It’s taken me all of my life thus far to get to Germaine Greer and I’m a reasonably well-read individual, although I’ve missed out about twenty-something reading years, all due to a prolonged period of my life where I indulged in the headlong pursuit of wealth and power. Now here I am, three years along from a desired retrenchment, having spilled my guts into countless beautiful notebooks and even written a fiction novel, never having been bored (except once or twice maybe), with a desire to take up philosophy. I have an urge to ask questions and seek answers about the important stuff. And all due to Greer directing my thoughts into novel paths. Why have I avoided her? But then what sensible woman wouldn’t be put off by a title like The Female Eunach? So at a mature age, with sufficient experience and suffering under my belt, I pick up Daddy, We Hardly Knew You by Germaine Greer at the library sale. I’m quickly absorbed by her true story. It’s probably because my own father has passed on to green pastures and was hardly known.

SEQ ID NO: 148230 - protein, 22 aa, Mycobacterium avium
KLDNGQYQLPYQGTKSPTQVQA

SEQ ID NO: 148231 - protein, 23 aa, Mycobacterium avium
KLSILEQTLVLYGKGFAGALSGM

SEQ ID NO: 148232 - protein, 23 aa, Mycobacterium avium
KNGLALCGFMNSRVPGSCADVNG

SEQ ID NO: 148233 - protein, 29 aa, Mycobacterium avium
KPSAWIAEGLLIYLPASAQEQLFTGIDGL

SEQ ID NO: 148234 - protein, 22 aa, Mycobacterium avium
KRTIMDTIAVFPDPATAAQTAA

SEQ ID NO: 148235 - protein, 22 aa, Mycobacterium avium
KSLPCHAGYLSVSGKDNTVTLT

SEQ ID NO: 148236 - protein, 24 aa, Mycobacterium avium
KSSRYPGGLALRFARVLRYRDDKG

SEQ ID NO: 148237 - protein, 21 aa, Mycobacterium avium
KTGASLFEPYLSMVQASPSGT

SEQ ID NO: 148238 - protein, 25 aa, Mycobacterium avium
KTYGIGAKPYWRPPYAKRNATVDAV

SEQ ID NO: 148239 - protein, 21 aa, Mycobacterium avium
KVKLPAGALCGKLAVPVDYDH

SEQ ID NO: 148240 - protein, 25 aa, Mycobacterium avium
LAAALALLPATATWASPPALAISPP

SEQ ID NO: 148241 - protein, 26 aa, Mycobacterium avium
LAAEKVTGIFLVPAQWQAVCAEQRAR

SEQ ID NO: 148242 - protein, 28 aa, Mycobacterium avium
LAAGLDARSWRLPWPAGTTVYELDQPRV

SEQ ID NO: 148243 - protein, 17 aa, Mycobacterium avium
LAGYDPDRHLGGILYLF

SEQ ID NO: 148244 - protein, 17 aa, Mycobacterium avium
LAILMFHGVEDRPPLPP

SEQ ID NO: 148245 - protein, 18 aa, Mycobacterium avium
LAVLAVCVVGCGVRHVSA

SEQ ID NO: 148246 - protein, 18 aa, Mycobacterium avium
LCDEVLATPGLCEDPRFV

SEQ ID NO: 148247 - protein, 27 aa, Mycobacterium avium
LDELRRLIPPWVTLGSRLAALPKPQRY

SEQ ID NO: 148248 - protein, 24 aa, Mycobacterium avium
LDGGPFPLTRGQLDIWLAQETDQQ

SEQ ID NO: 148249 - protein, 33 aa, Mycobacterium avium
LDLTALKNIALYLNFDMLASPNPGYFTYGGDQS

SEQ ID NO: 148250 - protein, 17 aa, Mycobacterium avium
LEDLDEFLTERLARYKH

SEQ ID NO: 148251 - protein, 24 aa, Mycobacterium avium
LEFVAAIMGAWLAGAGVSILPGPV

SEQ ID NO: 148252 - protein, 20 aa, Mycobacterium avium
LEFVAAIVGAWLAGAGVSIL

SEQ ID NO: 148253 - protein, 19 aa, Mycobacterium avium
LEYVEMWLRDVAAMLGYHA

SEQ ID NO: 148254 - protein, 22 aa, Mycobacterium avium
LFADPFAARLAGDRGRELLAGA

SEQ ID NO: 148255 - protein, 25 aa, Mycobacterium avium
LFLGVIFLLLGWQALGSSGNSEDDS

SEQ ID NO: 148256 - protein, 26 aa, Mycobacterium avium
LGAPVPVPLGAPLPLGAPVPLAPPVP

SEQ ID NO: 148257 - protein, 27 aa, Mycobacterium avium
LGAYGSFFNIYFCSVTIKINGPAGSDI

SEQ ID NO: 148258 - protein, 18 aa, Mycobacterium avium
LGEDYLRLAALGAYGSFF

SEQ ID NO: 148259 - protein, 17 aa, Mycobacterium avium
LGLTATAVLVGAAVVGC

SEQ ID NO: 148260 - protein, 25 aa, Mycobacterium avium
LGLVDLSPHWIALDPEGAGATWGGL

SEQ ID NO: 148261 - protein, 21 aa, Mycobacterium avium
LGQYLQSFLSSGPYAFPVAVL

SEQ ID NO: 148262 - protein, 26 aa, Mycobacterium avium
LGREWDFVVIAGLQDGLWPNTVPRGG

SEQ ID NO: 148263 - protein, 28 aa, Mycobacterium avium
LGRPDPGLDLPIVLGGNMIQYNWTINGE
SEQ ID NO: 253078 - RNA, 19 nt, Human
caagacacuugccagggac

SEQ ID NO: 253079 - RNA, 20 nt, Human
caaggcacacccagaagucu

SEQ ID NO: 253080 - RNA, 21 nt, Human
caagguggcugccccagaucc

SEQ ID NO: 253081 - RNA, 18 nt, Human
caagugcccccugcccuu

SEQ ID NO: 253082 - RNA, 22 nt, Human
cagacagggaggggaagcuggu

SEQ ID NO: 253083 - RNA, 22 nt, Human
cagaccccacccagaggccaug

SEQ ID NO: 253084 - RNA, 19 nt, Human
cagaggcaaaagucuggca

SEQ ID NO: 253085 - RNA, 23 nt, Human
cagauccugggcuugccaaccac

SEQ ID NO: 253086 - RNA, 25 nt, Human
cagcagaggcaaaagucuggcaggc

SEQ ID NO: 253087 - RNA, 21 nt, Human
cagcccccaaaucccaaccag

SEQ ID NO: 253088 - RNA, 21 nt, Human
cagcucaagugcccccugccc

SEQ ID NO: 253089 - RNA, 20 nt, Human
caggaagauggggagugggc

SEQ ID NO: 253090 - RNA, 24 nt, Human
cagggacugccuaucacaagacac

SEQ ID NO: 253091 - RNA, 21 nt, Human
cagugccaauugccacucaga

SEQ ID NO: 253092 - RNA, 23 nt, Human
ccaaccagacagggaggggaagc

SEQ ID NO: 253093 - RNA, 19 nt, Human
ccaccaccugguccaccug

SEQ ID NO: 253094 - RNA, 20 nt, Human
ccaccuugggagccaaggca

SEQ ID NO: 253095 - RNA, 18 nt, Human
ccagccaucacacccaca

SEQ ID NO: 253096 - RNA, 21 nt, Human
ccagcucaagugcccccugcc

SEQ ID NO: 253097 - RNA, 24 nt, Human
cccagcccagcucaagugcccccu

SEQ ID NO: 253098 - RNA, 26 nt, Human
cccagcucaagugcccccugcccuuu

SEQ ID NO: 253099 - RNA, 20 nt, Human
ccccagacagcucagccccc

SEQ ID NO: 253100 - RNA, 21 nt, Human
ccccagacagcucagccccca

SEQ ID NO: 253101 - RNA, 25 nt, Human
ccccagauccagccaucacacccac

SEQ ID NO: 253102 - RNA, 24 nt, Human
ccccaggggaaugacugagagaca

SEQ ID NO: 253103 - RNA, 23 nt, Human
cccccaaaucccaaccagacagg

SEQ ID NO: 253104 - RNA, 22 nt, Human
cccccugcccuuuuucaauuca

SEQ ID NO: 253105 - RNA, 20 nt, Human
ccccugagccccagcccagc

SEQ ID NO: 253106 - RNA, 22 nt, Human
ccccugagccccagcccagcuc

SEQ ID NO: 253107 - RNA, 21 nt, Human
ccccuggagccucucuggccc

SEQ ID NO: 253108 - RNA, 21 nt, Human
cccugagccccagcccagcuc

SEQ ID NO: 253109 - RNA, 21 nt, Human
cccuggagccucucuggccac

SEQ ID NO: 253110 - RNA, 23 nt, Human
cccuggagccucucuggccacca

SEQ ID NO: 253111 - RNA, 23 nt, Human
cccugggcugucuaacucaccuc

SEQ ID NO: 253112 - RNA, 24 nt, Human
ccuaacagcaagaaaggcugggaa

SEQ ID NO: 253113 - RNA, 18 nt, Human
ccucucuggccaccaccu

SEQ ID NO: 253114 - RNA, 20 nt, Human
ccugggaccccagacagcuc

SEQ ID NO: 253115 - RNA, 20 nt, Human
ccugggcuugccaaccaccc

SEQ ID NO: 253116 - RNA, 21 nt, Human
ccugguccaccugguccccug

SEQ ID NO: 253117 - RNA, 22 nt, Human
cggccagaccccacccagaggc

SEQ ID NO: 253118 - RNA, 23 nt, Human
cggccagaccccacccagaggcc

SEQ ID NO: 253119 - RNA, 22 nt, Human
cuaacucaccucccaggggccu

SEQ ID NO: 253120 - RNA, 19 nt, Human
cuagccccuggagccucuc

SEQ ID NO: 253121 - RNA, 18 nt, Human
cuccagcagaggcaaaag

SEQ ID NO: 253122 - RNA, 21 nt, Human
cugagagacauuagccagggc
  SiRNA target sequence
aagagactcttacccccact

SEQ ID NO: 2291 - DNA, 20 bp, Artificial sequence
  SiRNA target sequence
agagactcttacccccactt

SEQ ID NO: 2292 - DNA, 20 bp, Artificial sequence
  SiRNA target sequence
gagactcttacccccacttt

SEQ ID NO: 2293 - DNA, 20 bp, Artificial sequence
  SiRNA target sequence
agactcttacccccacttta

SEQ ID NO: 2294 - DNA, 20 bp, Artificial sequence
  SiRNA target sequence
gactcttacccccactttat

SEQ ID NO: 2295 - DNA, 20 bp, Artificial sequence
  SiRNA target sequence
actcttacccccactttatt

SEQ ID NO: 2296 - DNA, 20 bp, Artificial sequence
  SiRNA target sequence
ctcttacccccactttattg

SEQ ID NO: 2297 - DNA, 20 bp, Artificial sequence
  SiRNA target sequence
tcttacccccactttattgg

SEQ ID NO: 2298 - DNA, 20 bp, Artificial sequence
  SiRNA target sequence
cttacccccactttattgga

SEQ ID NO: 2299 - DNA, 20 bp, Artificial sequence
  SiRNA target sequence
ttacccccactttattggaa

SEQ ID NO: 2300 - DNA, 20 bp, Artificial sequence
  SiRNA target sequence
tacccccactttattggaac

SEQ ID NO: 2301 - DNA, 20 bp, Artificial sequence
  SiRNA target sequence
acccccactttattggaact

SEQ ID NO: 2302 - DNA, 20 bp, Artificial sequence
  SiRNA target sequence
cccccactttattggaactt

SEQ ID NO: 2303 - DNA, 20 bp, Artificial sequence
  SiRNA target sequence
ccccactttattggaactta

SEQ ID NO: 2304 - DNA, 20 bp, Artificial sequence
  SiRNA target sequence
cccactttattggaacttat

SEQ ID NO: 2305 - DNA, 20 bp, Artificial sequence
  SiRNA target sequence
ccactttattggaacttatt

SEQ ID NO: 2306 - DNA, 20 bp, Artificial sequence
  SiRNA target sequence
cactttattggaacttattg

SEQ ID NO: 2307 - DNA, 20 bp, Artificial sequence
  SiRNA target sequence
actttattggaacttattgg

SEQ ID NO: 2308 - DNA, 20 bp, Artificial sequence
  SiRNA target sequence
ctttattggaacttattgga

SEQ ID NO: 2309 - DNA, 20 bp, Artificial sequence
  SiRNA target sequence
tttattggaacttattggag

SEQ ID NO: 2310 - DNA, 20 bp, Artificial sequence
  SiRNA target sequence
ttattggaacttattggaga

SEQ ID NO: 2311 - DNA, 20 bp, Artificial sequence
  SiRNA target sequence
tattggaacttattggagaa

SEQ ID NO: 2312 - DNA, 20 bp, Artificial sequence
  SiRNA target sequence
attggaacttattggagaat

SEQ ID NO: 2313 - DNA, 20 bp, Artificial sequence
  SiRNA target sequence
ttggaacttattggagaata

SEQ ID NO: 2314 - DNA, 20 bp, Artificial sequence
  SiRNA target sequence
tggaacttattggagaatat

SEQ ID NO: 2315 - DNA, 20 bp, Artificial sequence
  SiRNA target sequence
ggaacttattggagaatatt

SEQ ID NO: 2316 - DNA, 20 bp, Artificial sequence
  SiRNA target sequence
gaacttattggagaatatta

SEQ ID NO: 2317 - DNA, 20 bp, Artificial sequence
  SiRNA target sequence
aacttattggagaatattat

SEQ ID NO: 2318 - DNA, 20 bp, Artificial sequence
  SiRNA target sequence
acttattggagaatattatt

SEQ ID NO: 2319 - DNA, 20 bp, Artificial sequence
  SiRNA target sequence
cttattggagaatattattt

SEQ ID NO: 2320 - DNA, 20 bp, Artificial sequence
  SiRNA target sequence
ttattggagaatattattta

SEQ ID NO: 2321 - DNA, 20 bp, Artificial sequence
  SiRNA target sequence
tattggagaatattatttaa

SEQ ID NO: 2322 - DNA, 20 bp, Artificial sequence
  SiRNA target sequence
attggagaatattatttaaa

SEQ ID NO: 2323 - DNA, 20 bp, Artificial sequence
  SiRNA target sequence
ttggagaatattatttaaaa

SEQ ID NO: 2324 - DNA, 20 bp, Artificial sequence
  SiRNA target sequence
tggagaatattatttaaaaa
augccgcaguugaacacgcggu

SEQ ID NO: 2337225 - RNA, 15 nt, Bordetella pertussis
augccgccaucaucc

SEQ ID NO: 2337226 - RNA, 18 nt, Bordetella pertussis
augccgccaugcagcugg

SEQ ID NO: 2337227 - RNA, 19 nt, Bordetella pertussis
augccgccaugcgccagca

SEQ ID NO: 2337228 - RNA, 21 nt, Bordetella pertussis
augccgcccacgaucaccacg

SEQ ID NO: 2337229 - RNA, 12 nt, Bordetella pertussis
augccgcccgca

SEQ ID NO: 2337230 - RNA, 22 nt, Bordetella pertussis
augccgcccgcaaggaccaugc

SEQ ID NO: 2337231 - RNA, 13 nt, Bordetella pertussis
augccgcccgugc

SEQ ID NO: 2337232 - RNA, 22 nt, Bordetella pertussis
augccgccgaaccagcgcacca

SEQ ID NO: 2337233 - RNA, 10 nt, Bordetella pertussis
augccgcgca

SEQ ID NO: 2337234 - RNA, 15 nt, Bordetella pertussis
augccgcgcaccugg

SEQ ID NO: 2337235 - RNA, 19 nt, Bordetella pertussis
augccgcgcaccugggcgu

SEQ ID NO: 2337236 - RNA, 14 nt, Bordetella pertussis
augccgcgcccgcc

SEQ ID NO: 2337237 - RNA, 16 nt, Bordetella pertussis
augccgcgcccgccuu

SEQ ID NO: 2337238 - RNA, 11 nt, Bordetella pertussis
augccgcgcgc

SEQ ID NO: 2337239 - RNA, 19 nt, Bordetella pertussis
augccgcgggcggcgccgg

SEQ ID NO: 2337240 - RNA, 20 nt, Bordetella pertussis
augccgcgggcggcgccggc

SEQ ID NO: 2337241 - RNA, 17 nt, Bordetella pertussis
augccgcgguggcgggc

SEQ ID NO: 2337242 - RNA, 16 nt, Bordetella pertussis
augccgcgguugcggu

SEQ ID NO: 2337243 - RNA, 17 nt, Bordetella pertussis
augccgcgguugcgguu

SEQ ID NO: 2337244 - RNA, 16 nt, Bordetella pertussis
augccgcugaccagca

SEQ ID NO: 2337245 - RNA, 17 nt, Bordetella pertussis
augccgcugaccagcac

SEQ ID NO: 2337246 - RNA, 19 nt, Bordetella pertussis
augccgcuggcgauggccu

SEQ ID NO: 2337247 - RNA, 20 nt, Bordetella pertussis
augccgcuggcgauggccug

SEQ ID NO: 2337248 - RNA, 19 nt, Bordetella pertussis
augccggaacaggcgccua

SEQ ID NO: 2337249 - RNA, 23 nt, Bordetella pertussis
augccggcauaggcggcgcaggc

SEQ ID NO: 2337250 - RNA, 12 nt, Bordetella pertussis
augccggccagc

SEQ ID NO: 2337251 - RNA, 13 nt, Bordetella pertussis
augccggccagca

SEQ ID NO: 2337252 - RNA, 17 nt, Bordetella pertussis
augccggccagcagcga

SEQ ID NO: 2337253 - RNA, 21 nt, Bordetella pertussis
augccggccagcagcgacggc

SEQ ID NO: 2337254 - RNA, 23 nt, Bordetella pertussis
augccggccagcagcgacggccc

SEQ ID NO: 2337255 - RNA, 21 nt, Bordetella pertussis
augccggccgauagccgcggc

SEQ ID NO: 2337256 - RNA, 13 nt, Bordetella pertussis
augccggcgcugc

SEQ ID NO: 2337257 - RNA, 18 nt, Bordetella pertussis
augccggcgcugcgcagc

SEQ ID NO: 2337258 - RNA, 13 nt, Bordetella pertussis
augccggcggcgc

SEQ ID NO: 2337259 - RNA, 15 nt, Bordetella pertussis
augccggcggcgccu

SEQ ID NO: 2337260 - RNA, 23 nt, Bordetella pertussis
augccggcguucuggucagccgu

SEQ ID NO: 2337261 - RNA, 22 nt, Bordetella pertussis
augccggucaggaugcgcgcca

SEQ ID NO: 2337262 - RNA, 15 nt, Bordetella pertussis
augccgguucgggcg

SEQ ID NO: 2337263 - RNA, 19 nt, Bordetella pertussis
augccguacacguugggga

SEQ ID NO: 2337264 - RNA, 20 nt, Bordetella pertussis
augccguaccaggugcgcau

Which is harder, to know nothing and suspect lies and come to the conclusion that one’s own father is nothing but a straw-filled scarecrow, or to know everything: exactly where he was born, to which grandparents, who the siblings were, what he did in his free time, the date he embarked on a ship for South Africa; and yet know nothing, understand nothing, comprehend nothing, of the silence that has accompanied one’s father all one’s life. I have hundreds of photographs of him from birth to death (yes, even as he lay on the flowered sheets of his death bed), and yet I know nothing about him. He never told me stories of his life, of who he loved and hated or just bore with patience, of why he loved or hated or bore with patience, of his trials and tribulations and confusions, of his victories and triumphs and achievements. Nothing. Was my father an empty man? Was the past too much to face? Was it enough, just to cope with the present? Just to love us and be a good provider? Just to produce the paper that kept the paper mill and our small village alive? Could it be that my father was as naïve as he was good?